Mind The Risks Of Sovereign Debt, Fiat Currencies, And Leveraged Paper Investments
by Gary Christenson, Gold Silver Worlds
One interpretation is that we are living in the best of all possible worlds. Another is that we are being led to financial slaughter.
A few thoughts:
1913: The Federal Reserve was created and dollars have been devalued ever since. (more paper, less gold)
1933: President Roosevelt confiscated gold owned by American citizens. (no more citizen held gold in the US)
1971: President Nixon terminated the convertibility of dollars into gold. (much more paper, less gold)
2000: The NASDAQ crashed along with the retirement dreams for many Americans. (paper assets crashed)
2001: The Patriot Act and the War on Terror…… (more paper)
2008: Financial crash, crisis, and bailout for Wall Street….. (much more paper)
2008: Quantitative Easing, bond monetization, printing currency, and effectively zero interest rates are used to recapitalize banks at the expense of savers, pension funds, insurance companies and the productive economy. (more paper)
2010: QE2 (much more paper)
2012: QE3 (much much more paper)
Quick summary: more paper, less gold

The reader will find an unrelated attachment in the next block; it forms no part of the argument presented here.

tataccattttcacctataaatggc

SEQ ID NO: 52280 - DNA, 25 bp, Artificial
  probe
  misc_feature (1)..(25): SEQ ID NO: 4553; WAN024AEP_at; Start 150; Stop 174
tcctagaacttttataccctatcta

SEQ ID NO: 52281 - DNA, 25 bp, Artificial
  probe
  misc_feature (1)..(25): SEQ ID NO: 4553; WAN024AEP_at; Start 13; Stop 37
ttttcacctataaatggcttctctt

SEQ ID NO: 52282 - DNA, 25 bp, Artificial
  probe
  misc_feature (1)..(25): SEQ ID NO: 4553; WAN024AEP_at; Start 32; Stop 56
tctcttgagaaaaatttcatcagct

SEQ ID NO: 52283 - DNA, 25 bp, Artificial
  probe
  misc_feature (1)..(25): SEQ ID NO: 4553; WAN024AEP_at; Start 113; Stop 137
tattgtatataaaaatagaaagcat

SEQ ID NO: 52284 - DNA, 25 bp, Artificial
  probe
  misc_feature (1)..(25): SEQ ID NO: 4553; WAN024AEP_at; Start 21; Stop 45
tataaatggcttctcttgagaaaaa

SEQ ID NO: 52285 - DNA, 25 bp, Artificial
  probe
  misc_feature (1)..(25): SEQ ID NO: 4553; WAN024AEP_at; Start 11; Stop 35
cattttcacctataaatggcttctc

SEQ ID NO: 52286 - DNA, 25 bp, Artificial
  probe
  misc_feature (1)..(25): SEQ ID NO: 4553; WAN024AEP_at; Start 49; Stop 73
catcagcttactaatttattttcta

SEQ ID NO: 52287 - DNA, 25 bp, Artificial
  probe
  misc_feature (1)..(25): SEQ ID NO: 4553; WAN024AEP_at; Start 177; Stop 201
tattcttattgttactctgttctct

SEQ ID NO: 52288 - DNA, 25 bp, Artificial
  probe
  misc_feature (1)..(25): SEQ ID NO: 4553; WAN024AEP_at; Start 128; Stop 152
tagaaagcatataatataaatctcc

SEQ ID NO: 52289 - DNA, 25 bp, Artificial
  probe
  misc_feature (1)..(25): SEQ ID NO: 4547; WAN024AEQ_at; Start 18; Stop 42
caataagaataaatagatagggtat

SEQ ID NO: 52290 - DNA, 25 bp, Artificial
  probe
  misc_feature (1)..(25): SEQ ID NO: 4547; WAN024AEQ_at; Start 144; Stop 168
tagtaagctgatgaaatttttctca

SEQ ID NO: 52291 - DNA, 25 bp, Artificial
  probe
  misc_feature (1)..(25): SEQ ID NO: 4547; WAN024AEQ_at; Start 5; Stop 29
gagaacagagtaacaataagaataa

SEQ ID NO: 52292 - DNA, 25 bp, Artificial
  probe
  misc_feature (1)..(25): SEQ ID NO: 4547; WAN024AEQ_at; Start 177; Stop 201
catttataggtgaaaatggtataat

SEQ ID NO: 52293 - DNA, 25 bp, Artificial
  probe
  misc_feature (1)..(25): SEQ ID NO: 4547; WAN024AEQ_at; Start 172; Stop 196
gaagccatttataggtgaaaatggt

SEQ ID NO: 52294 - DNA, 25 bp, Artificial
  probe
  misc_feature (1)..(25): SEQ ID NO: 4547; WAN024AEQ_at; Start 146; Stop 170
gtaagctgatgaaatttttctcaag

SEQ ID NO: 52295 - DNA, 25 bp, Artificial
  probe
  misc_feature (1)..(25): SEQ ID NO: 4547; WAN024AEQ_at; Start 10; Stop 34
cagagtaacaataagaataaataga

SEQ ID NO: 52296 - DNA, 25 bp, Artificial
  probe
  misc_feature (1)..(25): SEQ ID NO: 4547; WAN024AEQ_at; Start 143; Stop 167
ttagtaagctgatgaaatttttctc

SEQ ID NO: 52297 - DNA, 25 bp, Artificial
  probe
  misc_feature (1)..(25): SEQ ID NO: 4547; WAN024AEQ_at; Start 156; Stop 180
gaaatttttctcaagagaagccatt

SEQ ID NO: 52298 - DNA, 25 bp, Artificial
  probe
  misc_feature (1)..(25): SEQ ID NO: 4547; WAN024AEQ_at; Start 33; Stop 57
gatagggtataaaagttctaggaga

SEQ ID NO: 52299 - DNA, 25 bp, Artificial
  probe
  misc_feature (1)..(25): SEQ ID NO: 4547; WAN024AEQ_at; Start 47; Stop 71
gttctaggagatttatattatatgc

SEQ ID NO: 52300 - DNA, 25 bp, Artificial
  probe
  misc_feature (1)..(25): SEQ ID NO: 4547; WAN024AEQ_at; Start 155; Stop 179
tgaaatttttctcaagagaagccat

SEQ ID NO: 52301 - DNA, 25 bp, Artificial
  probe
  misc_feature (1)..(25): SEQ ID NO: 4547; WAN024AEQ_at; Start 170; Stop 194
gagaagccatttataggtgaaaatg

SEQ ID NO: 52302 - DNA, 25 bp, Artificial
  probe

- The dollar has lost approximately 98% of its purchasing power since 1913.
- Governments and central banks have dramatically increased their power and importance since 1913 and particularly since 1971.
- Several $Trillion in sovereign debt now “pays” negative interest rates.
- Savers in the US, Japan and Europe lose purchasing power every day to understated inflation, devaluation of currencies, and near zero or negative interest rates.
- Total global debt is approximately $200 Trillion. There appears to be no plan to repay that debt. Perhaps it will increase exponentially forever or will it default? Which is more likely?
- Gold produces no income and actually costs money to store– and now, the same is true for cash in some countries. Why choose paper assets when gold and silver are real and have maintained their value, on average, for 5000 years, while unbacked paper currencies have inevitably crashed and burned.
Fiat currencies are inevitably printed to excess, purchasing power declines and assets increase in nominal price. Consider the increasing prices shown on these log scale monthly charts of the S&P, crude oil, gold and silver for the last 30 years.
The S&P, crude oil, gold and silver have exponentially increased in price as fiat currencies have been devalued. Consumer price inflation destroys purchasing power, especially when interest rates are low or negative. Unbacked paper fiat currencies are well and truly on the road to oblivion; all investments in sovereign debt, fiat currencies, and leveraged paper assets are at risk.
It may be the best of all possible worlds for bankers in control of the “currency printing presses,” especially if they have purchased a majority of politicians that protect the financial sector at the expense of citizens and the productive economy. But all paper assets are at risk, may crash, or be destroyed if those assets are based in a devaluing currency, such as the Ukrainian Hryvnia. (Famous last words: “It can’t happen here.”)